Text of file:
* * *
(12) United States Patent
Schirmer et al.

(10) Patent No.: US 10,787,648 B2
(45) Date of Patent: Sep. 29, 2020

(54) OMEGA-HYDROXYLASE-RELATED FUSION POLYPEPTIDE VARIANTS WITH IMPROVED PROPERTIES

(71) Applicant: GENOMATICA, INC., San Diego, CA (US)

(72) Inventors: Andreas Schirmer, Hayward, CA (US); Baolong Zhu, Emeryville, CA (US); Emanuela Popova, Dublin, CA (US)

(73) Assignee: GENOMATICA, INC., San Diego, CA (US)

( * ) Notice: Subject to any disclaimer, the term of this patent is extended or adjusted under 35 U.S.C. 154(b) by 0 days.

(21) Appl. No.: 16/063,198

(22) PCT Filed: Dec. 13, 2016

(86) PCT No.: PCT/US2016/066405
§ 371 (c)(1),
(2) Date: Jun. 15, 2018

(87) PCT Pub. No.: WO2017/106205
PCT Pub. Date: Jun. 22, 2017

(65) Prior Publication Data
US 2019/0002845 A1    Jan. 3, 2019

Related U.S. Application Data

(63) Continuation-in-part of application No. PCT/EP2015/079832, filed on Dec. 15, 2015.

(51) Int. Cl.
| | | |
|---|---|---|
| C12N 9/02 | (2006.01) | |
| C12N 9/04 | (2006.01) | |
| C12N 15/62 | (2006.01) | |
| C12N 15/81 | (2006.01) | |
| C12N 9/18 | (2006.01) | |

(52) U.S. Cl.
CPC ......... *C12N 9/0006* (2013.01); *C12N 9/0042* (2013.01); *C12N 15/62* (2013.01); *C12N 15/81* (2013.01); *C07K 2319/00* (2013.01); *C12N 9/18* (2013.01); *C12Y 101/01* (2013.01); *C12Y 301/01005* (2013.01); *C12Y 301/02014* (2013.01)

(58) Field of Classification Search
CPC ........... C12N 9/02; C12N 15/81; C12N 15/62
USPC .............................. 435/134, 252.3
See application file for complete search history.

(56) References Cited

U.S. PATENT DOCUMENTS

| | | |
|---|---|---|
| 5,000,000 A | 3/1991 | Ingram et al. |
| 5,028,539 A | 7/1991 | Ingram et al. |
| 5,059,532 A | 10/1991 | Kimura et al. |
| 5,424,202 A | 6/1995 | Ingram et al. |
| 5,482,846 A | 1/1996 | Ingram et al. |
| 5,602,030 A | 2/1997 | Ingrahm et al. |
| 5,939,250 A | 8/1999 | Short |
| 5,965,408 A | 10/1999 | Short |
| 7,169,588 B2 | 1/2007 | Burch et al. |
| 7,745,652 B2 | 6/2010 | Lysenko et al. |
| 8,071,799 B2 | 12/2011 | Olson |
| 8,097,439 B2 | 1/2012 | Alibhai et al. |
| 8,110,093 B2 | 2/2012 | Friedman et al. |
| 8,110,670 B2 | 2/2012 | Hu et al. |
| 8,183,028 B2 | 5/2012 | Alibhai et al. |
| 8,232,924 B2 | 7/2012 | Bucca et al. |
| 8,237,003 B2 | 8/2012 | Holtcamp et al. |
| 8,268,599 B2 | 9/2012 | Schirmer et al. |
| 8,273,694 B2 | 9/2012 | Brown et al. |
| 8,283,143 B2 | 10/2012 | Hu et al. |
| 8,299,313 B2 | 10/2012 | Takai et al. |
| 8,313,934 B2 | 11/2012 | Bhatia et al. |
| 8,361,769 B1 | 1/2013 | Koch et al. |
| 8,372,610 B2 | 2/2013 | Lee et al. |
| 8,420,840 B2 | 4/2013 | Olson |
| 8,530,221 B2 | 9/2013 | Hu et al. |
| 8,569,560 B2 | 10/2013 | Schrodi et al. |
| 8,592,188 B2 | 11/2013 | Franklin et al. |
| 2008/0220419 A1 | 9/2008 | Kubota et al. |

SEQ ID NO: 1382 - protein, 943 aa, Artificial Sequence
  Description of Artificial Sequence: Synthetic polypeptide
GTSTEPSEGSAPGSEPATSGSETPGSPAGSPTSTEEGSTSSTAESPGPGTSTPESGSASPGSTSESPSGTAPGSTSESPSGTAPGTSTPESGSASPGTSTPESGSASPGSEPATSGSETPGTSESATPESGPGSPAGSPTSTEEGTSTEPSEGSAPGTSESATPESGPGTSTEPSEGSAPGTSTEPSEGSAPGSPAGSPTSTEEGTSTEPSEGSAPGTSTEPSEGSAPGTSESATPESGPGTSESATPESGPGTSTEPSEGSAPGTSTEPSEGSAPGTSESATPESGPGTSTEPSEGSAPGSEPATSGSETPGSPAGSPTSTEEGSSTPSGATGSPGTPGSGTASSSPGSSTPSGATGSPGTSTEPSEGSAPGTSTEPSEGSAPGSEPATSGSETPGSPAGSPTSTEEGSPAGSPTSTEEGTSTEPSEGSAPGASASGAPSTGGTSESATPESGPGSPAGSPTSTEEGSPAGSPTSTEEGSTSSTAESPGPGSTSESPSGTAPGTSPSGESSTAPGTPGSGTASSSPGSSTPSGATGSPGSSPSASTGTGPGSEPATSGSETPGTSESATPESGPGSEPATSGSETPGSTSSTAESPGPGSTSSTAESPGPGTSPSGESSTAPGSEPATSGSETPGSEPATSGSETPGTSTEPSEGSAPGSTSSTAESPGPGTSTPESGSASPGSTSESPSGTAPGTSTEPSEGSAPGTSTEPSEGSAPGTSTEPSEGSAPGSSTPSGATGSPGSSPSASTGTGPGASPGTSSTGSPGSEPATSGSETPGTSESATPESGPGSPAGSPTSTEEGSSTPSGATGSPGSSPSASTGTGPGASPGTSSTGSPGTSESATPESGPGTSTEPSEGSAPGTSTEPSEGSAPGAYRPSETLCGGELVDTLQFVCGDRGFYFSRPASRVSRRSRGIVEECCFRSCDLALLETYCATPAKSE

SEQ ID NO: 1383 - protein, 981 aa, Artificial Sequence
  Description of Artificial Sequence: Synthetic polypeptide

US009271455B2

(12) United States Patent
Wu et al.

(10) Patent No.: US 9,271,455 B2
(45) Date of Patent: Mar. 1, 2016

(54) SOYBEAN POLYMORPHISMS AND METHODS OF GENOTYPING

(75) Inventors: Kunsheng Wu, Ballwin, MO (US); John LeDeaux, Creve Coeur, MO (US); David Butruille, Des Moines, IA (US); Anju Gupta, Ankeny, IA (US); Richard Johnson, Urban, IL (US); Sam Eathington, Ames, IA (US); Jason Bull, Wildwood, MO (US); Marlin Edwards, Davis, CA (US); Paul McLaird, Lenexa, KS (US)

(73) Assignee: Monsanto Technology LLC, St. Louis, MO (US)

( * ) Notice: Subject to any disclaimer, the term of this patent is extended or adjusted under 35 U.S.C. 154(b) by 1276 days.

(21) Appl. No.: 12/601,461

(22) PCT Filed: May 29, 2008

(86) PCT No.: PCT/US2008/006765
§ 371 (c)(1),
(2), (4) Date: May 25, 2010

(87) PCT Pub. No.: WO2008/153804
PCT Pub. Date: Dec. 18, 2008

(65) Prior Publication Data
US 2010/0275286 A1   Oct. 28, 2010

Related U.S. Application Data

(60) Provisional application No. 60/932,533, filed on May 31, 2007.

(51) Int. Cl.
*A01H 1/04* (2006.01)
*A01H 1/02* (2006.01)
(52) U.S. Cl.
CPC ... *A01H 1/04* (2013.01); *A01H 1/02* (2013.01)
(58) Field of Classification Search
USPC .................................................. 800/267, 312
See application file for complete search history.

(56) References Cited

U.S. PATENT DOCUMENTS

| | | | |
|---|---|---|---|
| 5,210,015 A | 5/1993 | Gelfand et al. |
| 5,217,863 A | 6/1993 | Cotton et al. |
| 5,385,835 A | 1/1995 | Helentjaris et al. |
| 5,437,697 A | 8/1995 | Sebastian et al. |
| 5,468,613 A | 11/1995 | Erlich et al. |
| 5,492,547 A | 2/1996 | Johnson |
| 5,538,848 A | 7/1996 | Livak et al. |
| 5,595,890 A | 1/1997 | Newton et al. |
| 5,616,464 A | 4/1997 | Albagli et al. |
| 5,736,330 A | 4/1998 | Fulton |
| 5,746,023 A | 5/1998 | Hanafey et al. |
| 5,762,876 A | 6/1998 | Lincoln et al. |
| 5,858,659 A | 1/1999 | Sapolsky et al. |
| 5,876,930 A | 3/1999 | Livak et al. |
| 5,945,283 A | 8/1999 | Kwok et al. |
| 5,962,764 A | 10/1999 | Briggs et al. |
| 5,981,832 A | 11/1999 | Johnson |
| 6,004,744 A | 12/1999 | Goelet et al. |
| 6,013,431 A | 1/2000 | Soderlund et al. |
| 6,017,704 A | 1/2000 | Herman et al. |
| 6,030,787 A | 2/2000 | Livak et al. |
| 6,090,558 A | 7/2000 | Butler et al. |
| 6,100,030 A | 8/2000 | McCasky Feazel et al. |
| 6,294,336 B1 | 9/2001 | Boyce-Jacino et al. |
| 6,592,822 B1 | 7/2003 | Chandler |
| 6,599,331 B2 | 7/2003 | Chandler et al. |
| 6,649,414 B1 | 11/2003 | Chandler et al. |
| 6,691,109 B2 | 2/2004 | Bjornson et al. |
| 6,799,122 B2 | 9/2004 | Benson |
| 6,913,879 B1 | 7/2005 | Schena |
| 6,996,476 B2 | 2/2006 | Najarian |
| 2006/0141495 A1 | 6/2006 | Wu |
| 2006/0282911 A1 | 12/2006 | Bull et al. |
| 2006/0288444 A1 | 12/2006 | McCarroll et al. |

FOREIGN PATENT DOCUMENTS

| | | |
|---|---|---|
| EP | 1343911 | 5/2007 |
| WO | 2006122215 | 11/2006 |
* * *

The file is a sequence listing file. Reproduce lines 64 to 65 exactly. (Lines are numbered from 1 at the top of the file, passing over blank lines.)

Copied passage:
| 8,530,221 B2 | 9/2013 | Hu et al. |
| 8,569,560 B2 | 10/2013 | Schrodi et al. |